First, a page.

The streets and the houses are obviously reminiscent of cinema imagery, on one side Carpenter, or John Waters’ film Serial Mom, which is a little bit the other side of the subject… These views of the upper neighbourhood reminded me of The Sims as well, a game I played a lot. When you go into Google Street View, the houses in 3D are distorted. Kevin B. Lee had told me that at that point the film was turning into a horror movie and that I became a peeping Tom trying to get inside their homes. Indeed, who’s watching? That horror movie dimension is definitely there.



GH: Do you think that the representation and online presentation of their lives, their extimacies, is cathartic and positive for these women? Basically, can interaction, self-exhibition and Internet connectivity save them from a kind of obvious isolation that was inevitable in the pre-Internet era? Also, did you contact these women to tell them that you are using their images in your film?


GB: I contacted all of them, La Fémis wanted me to ask their permission. A third of them replied positively, two or three said no and the rest did not reply. Jessica saw the film, she’s the one with the channel Keep calm and clean. I sent her the film, with some precautions and warnings, and at first she didn’t answer me. After several months, I sent it back to her and she said the film was great, but I don’t know if she watched it or not… I didn’t send it to the others.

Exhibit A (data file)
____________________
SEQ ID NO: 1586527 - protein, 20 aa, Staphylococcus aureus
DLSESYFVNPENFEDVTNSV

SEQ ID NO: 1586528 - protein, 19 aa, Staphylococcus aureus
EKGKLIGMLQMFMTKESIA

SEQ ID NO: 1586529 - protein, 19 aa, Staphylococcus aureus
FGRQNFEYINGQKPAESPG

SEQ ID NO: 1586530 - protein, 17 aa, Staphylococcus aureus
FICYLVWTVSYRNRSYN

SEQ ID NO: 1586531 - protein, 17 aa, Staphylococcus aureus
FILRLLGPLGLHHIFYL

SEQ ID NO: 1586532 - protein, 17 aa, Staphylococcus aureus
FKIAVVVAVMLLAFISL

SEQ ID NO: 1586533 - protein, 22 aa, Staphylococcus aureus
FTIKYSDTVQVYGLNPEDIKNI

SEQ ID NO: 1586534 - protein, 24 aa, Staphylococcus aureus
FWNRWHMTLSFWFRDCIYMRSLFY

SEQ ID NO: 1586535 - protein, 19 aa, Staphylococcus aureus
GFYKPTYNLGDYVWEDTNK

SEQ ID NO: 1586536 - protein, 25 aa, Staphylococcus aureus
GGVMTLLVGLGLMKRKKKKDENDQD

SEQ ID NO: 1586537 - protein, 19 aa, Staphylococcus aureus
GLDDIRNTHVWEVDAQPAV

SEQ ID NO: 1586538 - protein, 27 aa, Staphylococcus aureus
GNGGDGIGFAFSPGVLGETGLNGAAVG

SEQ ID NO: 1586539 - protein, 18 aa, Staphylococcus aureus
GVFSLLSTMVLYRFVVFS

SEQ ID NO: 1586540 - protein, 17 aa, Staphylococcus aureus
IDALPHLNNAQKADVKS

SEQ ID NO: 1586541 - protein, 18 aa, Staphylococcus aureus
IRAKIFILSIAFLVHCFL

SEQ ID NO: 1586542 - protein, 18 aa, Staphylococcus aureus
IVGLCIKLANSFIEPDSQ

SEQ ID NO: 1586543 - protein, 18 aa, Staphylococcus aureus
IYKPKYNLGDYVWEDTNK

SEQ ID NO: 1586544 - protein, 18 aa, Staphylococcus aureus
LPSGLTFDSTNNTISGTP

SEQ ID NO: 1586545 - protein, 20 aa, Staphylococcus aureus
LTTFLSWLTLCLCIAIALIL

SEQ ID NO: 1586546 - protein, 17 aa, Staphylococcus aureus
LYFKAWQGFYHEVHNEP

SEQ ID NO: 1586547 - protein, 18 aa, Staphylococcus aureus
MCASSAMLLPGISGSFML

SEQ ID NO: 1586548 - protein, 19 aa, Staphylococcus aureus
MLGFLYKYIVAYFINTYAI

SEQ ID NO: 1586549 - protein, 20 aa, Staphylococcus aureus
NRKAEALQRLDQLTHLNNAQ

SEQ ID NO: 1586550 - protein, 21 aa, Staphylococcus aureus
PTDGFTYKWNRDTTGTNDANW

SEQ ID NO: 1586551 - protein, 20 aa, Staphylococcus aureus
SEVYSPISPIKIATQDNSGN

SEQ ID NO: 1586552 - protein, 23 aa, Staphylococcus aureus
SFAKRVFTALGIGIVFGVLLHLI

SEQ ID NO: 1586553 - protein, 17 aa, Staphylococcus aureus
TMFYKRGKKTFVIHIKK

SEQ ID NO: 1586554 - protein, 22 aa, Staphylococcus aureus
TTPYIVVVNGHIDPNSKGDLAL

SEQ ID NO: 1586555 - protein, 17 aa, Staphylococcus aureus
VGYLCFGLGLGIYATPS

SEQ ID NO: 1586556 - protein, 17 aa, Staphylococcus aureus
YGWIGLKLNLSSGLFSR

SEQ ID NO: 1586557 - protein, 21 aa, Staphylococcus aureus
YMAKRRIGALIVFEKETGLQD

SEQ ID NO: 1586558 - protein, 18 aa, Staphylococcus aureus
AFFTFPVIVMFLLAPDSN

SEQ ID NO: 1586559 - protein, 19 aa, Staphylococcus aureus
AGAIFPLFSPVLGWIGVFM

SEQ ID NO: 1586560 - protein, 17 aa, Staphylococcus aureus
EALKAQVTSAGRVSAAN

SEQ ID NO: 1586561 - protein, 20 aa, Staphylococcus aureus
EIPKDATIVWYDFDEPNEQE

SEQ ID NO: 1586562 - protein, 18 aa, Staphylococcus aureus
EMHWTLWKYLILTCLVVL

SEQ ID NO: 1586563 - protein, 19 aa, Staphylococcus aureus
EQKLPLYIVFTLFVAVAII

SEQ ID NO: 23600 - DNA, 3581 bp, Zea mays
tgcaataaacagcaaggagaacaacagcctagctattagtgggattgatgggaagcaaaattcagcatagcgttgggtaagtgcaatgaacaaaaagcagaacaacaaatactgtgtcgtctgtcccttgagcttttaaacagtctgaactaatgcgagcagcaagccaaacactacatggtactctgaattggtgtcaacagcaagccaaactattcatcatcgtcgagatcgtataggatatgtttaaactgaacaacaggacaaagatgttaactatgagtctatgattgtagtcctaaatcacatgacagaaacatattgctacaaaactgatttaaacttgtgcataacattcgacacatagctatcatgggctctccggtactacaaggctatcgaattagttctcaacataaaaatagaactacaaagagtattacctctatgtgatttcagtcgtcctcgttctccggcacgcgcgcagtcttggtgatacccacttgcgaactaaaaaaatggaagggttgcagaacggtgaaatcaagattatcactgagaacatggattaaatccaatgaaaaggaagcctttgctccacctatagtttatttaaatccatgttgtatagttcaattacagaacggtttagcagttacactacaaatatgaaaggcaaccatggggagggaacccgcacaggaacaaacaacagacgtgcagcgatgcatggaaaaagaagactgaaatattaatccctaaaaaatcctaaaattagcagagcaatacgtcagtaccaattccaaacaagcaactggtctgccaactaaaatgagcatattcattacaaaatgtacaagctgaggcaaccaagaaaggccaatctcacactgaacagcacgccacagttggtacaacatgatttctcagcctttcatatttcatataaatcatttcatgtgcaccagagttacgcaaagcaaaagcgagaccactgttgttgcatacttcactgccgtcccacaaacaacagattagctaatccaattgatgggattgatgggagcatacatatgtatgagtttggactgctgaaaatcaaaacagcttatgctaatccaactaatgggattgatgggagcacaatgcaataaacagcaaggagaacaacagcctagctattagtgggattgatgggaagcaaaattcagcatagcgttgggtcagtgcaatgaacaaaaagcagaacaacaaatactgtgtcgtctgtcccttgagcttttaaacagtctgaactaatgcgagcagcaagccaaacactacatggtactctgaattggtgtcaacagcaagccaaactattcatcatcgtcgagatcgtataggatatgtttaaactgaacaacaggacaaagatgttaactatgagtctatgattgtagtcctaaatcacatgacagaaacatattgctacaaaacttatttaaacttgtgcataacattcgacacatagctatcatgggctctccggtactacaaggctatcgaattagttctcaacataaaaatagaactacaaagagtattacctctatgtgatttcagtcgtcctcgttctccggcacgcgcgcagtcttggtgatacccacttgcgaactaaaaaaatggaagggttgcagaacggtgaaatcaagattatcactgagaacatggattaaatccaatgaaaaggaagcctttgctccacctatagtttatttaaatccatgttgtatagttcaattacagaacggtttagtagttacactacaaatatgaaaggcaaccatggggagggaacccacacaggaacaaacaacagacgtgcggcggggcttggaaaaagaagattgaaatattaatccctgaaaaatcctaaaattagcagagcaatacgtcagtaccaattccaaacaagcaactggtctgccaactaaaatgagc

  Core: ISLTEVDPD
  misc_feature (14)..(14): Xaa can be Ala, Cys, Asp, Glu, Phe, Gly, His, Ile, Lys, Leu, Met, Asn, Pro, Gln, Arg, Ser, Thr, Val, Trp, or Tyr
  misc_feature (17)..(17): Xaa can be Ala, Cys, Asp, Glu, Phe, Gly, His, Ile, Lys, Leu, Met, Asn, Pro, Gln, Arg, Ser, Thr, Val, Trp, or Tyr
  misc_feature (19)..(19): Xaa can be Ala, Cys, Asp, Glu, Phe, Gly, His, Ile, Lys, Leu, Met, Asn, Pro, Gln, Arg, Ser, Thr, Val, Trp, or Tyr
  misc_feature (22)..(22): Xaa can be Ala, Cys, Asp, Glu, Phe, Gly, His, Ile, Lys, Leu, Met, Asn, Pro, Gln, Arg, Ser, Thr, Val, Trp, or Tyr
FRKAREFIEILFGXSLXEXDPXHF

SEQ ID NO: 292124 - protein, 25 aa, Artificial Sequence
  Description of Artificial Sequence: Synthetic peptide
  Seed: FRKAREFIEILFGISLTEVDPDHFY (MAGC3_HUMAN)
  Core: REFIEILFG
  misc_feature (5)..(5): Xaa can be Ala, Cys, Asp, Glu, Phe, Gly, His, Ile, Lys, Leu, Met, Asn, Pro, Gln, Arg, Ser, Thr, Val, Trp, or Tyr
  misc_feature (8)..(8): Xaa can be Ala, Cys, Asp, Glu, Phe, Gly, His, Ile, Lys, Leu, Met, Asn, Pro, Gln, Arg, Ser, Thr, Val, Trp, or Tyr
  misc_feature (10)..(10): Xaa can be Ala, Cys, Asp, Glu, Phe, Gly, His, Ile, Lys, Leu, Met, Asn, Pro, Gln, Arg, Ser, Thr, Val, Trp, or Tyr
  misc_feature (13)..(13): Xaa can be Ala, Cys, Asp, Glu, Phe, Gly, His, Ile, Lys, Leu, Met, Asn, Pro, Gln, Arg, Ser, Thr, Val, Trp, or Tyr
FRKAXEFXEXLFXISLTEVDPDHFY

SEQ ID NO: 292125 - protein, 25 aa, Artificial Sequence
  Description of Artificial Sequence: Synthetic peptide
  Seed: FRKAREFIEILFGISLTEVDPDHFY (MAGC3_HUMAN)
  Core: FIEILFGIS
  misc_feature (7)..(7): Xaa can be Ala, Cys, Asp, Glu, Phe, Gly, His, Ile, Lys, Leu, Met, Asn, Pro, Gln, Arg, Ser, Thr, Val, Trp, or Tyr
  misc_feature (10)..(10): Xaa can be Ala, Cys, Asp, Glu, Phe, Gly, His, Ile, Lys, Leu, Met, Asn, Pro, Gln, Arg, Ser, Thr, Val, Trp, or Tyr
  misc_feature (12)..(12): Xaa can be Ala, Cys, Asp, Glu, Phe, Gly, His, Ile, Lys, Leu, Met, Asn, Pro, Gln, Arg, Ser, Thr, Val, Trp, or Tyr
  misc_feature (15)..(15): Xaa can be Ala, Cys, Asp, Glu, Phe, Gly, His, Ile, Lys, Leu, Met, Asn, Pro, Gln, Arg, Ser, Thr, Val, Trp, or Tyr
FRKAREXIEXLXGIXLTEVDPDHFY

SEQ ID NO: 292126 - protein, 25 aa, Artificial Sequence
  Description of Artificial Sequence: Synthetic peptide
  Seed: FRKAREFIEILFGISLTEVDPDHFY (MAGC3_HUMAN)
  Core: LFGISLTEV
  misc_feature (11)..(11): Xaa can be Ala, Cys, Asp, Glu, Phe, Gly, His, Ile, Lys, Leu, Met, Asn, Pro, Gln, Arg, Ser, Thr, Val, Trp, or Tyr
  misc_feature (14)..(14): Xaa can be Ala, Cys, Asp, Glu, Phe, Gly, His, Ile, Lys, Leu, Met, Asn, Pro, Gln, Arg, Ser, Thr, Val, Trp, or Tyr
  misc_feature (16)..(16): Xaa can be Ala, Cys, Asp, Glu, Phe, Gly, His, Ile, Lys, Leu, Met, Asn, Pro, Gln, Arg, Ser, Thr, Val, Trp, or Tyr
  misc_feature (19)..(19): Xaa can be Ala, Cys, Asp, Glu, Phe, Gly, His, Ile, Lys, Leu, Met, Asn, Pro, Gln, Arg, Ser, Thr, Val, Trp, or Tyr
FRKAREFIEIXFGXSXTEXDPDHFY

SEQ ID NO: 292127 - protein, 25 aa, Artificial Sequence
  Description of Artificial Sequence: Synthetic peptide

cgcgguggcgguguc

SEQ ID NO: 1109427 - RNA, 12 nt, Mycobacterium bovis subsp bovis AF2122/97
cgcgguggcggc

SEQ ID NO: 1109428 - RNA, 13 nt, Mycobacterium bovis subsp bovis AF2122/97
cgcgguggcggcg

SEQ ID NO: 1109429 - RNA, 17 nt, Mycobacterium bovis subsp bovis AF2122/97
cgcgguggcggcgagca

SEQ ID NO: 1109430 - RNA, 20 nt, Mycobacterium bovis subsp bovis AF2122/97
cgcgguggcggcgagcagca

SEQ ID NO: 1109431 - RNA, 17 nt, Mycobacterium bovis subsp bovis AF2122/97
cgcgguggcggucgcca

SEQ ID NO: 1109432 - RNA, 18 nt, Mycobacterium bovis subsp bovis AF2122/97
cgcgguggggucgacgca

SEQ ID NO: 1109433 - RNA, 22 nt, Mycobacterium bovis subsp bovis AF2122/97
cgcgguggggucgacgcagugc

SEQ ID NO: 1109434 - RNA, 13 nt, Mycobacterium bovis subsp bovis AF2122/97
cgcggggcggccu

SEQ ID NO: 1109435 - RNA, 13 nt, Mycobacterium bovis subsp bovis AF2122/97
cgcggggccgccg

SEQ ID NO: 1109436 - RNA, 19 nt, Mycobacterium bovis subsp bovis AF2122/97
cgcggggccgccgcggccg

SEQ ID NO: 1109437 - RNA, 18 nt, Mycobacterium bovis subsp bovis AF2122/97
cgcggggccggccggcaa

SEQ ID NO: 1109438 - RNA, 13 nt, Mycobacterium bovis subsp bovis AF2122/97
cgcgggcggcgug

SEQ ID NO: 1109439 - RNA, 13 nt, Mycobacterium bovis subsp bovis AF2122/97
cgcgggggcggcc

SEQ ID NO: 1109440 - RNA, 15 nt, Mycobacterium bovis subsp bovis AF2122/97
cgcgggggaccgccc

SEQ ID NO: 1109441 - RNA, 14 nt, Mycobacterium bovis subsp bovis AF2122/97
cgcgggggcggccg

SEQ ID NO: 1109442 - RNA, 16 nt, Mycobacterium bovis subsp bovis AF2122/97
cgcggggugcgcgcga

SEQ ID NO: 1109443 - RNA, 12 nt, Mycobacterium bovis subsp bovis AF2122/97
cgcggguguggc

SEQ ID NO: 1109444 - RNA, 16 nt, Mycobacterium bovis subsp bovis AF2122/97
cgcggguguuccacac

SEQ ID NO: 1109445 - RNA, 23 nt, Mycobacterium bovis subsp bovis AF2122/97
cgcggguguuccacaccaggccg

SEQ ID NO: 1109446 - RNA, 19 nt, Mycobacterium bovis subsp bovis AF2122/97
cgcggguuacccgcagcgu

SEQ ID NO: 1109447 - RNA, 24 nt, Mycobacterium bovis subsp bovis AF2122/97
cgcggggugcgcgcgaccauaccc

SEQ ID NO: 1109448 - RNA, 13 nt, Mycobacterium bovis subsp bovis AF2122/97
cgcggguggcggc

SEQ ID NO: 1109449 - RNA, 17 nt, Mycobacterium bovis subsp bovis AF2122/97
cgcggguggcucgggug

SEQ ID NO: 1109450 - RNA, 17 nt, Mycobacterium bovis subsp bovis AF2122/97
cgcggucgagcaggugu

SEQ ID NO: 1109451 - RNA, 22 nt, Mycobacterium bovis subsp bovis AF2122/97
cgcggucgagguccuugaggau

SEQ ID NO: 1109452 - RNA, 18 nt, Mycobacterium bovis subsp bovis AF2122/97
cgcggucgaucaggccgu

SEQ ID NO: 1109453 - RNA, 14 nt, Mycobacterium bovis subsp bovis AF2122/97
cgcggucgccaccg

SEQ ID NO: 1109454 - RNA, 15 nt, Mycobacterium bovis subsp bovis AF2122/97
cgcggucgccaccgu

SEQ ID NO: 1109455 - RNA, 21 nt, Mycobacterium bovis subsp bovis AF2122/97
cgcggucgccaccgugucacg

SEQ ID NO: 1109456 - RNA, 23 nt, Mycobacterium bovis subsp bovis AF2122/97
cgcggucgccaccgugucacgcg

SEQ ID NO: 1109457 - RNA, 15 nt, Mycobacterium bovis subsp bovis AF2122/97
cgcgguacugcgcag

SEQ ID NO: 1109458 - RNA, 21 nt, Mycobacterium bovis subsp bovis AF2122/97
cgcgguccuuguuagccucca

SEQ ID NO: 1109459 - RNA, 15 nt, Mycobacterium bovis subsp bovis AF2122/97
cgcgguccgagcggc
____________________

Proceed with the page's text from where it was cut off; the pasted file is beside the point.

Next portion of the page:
Concerning the Internet issue, it’s complex. On one hand, women are self-perpetuating in unrealistic images of the perfect mother and the perfect woman, and that is toxic. These videos are watched by very young girls, 13, 14 years old, who want to imitate them. This is dangerous because it maintains an extremely oppressive culture. But on the other hand, on a daily basis, it allows them to socialize on an unprecedented scale. Besides, it’s the first time that a woman can carry a speech without any filter, without intermediaries, and that it is broadcast to millions of people. Potentially it’s a great power. There are beginnings of reformulations of feminist principles or self-affirmation, of speaking out, which are positive. There is a real power in social networks, the capacity to become aware of the suffering of someone we don’t know in an unprecedented way. These bottles in the sea are available to everyone. These women’s words did not exist 50 years ago. And they support each other, they’re friends, they back up each other.